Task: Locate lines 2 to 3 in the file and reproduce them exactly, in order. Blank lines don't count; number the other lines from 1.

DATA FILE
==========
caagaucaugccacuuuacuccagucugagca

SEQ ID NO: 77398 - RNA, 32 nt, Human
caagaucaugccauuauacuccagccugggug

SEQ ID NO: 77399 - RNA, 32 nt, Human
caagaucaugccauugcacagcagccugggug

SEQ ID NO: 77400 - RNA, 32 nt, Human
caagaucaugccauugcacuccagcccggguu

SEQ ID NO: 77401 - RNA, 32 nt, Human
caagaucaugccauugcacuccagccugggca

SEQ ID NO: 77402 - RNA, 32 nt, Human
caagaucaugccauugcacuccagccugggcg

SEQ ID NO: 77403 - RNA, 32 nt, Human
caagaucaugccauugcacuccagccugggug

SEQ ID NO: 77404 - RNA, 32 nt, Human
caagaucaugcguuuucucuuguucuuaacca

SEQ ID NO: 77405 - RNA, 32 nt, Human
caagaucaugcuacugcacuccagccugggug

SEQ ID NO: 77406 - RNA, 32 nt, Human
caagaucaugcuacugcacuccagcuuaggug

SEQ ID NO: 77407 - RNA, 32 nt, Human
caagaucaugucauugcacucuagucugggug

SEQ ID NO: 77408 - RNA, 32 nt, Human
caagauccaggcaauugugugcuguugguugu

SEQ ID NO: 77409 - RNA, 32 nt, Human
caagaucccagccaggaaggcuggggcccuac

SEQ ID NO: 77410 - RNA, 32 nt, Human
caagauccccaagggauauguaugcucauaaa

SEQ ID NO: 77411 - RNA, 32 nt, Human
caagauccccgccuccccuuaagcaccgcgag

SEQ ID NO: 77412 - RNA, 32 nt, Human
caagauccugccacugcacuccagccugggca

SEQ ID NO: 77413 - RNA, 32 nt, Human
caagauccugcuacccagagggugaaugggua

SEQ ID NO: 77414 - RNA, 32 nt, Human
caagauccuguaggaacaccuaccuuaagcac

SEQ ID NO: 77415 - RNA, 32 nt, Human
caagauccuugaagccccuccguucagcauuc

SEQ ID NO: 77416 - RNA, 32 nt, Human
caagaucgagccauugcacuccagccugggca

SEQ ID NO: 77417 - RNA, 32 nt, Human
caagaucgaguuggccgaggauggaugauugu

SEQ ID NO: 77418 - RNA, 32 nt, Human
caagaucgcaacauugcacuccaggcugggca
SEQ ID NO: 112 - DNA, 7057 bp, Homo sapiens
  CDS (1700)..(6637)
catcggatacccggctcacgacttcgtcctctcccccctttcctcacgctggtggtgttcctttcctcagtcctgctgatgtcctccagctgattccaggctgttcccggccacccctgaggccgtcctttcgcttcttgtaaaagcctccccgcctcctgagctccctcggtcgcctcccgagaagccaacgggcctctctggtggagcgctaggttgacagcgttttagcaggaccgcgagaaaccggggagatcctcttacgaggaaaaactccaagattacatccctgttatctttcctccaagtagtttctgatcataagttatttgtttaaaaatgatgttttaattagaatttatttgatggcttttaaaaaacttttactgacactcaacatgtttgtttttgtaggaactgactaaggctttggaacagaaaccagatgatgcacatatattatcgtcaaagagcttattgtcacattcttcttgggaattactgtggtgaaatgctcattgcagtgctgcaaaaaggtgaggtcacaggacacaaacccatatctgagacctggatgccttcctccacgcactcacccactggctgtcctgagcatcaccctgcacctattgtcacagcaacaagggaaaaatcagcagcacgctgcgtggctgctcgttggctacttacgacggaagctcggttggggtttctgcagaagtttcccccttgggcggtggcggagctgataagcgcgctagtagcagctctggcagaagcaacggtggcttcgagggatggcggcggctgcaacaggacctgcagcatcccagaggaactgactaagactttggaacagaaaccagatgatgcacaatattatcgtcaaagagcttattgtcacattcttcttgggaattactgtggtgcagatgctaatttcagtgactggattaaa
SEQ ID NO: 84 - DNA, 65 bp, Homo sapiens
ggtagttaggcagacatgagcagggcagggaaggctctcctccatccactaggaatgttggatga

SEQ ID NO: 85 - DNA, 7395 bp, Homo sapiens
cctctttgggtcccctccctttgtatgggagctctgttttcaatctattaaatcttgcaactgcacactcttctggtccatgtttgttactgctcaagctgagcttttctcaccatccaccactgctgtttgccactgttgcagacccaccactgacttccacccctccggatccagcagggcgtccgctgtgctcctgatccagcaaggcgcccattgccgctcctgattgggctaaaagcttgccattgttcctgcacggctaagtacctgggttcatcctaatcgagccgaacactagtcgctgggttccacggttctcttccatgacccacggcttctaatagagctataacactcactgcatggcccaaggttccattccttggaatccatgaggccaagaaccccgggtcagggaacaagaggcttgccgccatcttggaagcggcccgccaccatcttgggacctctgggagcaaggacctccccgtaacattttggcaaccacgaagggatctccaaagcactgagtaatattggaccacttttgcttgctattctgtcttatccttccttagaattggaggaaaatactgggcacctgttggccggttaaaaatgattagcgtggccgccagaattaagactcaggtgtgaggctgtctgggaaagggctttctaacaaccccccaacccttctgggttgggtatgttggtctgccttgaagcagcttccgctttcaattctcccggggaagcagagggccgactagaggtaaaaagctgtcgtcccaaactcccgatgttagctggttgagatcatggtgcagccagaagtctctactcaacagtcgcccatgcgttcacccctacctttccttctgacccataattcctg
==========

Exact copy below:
SEQ ID NO: 77398 - RNA, 32 nt, Human
caagaucaugccauuauacuccagccugggug